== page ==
Now that I have a good horizontal line, I am going to lower it one inch on the gutter side only and snap a second line. This will give me the right amount of drop so that the water flows to the downspout. To cut the gutters you can use a jigsaw with a blade, but I am just going to use my arm saw. It cuts it really nice. Next I am going to snap on the end cap and tap it on on with the hammer and then crimp it a little with some pliers, just give it a slight bit of a bent when you squeeze.

The use some gutter sealant, it’s going to be right in the same section that you buy all your other materials, you’re not going to have to go to the paint section of Home Depot or Lowes. This is what I used, it looks like silicone, but it’s not the same stuff and you can see this is the hardware that I am going to be using to attach it to the roof, just one piece of bend metal and a screw, clips and just like that, real simple.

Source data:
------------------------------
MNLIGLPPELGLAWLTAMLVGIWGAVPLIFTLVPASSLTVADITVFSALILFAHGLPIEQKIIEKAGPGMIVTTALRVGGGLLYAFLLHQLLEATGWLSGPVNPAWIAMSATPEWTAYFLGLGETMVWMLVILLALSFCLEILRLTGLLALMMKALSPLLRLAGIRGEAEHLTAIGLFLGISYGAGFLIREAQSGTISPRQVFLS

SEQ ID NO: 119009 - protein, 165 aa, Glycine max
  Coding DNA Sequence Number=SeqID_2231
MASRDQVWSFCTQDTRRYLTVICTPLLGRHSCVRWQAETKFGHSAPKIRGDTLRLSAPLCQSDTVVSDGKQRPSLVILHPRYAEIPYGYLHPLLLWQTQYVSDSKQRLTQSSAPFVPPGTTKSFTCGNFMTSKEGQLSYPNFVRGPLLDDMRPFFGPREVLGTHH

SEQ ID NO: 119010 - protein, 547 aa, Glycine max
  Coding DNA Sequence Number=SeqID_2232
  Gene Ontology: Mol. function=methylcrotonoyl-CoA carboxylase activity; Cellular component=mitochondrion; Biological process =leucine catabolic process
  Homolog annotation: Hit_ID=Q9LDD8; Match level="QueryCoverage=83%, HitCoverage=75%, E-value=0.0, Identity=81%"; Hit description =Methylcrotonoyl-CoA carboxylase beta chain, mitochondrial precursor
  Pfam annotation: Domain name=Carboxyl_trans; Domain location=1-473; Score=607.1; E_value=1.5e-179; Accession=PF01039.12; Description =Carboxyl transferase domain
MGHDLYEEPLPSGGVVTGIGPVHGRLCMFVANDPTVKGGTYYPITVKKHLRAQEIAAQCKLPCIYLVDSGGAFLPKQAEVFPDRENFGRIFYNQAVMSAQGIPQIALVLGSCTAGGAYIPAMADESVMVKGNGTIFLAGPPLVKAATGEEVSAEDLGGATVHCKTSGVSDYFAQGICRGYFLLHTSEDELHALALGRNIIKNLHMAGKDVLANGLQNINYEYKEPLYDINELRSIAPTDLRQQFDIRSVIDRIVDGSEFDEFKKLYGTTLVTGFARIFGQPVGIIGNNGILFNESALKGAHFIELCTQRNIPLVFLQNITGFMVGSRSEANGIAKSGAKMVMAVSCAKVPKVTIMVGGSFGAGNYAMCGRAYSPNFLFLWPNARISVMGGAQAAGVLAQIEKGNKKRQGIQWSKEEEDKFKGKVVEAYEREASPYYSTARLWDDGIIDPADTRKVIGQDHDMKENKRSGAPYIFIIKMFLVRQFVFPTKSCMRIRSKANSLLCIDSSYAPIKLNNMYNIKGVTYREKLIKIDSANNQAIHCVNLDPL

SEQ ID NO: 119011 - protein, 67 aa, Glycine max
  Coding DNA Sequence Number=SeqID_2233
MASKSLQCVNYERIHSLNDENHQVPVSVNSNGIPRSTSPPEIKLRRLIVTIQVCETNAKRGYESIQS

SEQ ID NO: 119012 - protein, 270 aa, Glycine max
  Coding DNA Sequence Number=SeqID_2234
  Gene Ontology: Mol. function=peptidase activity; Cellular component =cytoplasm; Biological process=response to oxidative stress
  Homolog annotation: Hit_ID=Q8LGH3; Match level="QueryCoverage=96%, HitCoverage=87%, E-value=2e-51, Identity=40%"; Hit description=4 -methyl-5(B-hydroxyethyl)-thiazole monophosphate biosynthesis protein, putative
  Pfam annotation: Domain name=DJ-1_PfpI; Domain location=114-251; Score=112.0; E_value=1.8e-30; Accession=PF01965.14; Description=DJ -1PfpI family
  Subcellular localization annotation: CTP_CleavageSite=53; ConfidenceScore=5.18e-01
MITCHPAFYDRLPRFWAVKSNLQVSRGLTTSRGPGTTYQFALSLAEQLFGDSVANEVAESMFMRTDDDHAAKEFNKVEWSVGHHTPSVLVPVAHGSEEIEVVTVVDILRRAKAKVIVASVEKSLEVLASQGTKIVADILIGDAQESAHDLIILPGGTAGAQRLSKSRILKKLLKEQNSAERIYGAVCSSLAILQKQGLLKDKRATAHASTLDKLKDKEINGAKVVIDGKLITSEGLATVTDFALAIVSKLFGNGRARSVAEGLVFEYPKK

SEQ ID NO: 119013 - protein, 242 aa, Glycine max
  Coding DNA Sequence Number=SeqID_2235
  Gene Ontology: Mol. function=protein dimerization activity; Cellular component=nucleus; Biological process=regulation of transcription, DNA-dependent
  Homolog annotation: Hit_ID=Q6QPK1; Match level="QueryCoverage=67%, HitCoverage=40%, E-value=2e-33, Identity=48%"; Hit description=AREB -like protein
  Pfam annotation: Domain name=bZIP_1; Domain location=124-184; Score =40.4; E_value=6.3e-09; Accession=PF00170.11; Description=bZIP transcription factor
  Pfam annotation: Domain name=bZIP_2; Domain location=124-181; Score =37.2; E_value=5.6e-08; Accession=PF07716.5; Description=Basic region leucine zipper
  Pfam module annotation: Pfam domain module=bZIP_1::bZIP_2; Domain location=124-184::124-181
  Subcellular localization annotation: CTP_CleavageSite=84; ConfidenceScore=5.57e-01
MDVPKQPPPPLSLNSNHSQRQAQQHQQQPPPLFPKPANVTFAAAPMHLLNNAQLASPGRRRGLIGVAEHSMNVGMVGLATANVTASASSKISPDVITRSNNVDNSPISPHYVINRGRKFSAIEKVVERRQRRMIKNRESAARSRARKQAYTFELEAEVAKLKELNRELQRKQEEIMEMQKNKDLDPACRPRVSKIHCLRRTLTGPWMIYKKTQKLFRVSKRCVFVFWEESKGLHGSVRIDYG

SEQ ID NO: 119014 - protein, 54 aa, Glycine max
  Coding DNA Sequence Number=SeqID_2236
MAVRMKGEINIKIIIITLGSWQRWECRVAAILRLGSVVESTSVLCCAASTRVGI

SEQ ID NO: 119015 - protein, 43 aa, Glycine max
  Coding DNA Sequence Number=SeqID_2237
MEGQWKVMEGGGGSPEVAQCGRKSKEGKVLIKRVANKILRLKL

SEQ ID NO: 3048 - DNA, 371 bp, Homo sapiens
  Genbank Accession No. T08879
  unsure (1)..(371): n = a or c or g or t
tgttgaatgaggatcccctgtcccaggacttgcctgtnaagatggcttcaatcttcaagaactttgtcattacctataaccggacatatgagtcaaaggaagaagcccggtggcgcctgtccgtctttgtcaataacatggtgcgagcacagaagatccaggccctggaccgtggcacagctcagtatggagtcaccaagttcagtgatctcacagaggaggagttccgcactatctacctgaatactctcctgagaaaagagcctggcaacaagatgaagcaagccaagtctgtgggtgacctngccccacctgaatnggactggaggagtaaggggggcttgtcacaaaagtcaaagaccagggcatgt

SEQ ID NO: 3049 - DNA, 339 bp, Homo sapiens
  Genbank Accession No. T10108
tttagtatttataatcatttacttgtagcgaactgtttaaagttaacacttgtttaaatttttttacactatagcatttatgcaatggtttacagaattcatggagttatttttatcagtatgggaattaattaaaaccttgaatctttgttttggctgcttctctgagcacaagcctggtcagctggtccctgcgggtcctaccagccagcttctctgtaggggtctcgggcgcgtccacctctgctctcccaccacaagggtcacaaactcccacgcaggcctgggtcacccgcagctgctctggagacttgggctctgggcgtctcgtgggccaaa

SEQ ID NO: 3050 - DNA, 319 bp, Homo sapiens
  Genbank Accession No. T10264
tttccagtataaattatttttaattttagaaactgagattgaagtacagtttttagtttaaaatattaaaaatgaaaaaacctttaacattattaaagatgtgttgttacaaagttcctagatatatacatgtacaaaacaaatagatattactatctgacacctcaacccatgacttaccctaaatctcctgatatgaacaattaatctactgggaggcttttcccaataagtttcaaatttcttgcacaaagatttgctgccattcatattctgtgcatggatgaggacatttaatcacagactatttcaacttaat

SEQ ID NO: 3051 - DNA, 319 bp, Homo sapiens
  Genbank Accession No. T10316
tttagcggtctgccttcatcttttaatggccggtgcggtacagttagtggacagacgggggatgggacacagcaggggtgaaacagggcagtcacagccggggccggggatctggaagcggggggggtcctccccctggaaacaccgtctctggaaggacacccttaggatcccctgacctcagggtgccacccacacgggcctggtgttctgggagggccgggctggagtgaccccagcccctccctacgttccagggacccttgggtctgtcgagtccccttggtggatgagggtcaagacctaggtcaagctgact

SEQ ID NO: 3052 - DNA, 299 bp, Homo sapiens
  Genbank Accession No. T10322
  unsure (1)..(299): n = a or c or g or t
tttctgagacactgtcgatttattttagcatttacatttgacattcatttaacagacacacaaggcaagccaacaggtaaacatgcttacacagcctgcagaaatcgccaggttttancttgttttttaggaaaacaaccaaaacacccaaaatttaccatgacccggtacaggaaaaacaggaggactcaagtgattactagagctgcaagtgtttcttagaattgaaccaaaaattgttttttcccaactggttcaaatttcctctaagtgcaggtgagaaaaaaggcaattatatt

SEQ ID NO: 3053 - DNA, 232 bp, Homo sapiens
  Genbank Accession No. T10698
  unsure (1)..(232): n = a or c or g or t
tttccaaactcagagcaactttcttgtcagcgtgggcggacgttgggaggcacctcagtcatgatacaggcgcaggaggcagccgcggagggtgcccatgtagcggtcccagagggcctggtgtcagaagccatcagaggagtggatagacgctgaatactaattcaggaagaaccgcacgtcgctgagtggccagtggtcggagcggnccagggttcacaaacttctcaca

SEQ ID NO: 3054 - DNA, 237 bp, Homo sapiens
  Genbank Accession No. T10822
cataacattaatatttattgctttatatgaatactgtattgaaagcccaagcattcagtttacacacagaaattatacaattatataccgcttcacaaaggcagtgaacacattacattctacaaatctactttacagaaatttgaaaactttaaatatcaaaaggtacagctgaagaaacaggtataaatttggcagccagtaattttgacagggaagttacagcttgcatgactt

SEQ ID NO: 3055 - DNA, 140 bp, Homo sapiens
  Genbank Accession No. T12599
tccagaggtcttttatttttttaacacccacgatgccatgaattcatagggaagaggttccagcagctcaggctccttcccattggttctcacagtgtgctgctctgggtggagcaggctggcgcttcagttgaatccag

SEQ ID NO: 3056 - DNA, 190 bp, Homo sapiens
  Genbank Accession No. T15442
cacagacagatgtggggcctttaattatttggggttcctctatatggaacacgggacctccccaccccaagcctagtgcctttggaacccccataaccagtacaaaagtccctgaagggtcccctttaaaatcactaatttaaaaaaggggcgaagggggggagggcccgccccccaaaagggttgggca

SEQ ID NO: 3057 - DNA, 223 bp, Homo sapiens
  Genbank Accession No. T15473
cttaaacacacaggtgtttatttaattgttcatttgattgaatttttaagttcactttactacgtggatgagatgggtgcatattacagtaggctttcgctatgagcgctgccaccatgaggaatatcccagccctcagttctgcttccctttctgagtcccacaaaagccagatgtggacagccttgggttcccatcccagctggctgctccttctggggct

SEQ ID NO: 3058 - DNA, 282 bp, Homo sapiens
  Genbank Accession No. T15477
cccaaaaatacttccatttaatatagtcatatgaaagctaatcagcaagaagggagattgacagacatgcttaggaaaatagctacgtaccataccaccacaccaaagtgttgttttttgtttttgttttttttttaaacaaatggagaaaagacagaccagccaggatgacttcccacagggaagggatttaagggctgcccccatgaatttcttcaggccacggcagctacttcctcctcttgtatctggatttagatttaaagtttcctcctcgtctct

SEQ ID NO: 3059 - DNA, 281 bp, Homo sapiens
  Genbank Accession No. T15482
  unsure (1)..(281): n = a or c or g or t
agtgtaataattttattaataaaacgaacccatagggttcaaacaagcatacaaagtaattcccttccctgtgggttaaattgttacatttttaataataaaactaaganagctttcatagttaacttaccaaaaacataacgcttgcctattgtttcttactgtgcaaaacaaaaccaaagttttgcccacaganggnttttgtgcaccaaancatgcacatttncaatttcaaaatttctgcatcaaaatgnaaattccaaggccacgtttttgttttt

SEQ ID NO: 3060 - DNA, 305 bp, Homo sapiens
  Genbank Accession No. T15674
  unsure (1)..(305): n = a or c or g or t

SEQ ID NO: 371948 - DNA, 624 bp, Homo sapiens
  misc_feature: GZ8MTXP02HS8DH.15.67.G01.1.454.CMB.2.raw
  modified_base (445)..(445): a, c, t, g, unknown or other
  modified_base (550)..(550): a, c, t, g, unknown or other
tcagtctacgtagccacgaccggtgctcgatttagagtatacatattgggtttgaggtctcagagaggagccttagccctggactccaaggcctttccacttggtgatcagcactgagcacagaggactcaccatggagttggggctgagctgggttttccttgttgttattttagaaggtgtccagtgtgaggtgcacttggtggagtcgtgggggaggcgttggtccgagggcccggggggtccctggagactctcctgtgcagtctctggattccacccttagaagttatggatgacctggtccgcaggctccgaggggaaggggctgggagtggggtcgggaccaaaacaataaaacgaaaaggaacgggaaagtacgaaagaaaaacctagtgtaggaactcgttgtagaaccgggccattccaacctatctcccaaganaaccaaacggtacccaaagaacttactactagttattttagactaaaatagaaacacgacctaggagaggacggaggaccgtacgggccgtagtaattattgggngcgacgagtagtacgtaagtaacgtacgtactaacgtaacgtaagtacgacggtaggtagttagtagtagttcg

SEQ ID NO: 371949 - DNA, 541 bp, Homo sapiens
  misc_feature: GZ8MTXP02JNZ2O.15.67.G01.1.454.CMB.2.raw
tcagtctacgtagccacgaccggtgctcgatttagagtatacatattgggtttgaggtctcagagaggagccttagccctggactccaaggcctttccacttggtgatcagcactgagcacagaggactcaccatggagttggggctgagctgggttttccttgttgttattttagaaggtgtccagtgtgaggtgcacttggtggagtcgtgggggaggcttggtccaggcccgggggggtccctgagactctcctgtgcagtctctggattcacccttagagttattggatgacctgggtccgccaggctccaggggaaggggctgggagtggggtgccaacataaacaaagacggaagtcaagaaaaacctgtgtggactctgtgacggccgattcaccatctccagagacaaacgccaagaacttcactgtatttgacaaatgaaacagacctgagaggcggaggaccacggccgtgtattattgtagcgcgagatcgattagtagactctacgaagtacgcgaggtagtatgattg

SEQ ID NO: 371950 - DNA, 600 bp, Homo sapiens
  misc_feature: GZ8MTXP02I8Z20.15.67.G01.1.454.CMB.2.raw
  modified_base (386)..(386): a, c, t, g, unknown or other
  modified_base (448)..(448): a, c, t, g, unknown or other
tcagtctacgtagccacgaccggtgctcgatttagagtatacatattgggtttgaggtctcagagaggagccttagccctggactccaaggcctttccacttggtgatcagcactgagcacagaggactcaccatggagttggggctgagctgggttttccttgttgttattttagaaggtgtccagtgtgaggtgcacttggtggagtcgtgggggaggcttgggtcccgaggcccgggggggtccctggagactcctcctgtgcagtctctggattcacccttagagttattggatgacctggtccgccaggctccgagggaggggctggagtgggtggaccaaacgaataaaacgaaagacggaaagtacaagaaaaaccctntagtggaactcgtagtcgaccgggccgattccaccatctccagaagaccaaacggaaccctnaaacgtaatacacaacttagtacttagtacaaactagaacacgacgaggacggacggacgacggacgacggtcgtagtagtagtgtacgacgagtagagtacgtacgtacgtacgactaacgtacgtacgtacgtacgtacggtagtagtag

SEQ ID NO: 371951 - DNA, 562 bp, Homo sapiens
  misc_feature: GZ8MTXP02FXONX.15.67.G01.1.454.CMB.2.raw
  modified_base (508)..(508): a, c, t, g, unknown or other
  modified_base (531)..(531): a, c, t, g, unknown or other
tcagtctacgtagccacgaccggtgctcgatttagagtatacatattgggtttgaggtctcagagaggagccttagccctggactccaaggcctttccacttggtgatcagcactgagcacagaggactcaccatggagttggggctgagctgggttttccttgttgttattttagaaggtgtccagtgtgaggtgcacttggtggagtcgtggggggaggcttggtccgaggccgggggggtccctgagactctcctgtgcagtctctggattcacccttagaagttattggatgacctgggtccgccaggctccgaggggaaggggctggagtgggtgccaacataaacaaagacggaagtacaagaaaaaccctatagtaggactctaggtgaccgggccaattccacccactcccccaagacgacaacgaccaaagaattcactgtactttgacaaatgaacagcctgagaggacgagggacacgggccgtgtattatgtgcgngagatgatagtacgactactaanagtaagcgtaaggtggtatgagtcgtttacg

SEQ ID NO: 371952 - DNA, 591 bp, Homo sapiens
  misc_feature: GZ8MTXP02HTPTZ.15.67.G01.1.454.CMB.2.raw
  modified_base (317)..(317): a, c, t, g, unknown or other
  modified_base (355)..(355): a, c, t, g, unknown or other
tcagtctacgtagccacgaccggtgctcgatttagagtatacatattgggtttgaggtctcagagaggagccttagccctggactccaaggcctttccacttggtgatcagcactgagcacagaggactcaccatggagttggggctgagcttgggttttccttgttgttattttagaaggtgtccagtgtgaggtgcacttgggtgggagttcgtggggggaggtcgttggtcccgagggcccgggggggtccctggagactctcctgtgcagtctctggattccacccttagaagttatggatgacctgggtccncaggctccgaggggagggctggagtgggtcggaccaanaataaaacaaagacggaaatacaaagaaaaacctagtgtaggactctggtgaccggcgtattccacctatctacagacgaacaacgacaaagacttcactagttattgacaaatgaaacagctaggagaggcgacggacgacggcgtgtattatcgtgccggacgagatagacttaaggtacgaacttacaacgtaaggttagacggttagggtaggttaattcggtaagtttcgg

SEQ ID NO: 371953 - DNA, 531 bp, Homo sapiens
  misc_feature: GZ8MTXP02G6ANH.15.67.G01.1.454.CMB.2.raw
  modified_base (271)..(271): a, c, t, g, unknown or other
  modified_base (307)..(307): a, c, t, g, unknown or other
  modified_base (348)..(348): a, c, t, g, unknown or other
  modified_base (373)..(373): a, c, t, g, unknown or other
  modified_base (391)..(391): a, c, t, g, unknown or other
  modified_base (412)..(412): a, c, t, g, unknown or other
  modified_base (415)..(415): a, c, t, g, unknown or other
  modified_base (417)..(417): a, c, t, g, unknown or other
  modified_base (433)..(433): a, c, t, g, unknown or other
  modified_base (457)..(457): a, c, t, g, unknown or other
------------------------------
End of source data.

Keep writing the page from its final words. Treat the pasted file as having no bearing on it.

First one I placed six inches from the end, this is one that Lowes sells, looks a little different, but it’s exactly the same. You could see it’s got a hook and it clips in underneath and just slips right on. Here I am placing a bracket, every two feet. You’ll find it’s a lot easier putting the screws in on the bench than up on a ladder, so get them started here and then bring it up. If you need a joining bracket, slip one one.

You can do this yourself if you’re holding the middle of the rain gutter and balancing it, but it’s a lot easier to start on one end and have someone else hold it. I am lining up the bottom of the rain gutter with chalk line that tapers downward and then just screw it right in. Before I screw each screw, I make sure that it’s still following the tape. Add as many segments as you need, slip them in, it seems like it’s a little easier to put this in if you angle it down first and then once the bottom part is in, you can push it up to get the top part together in the slot.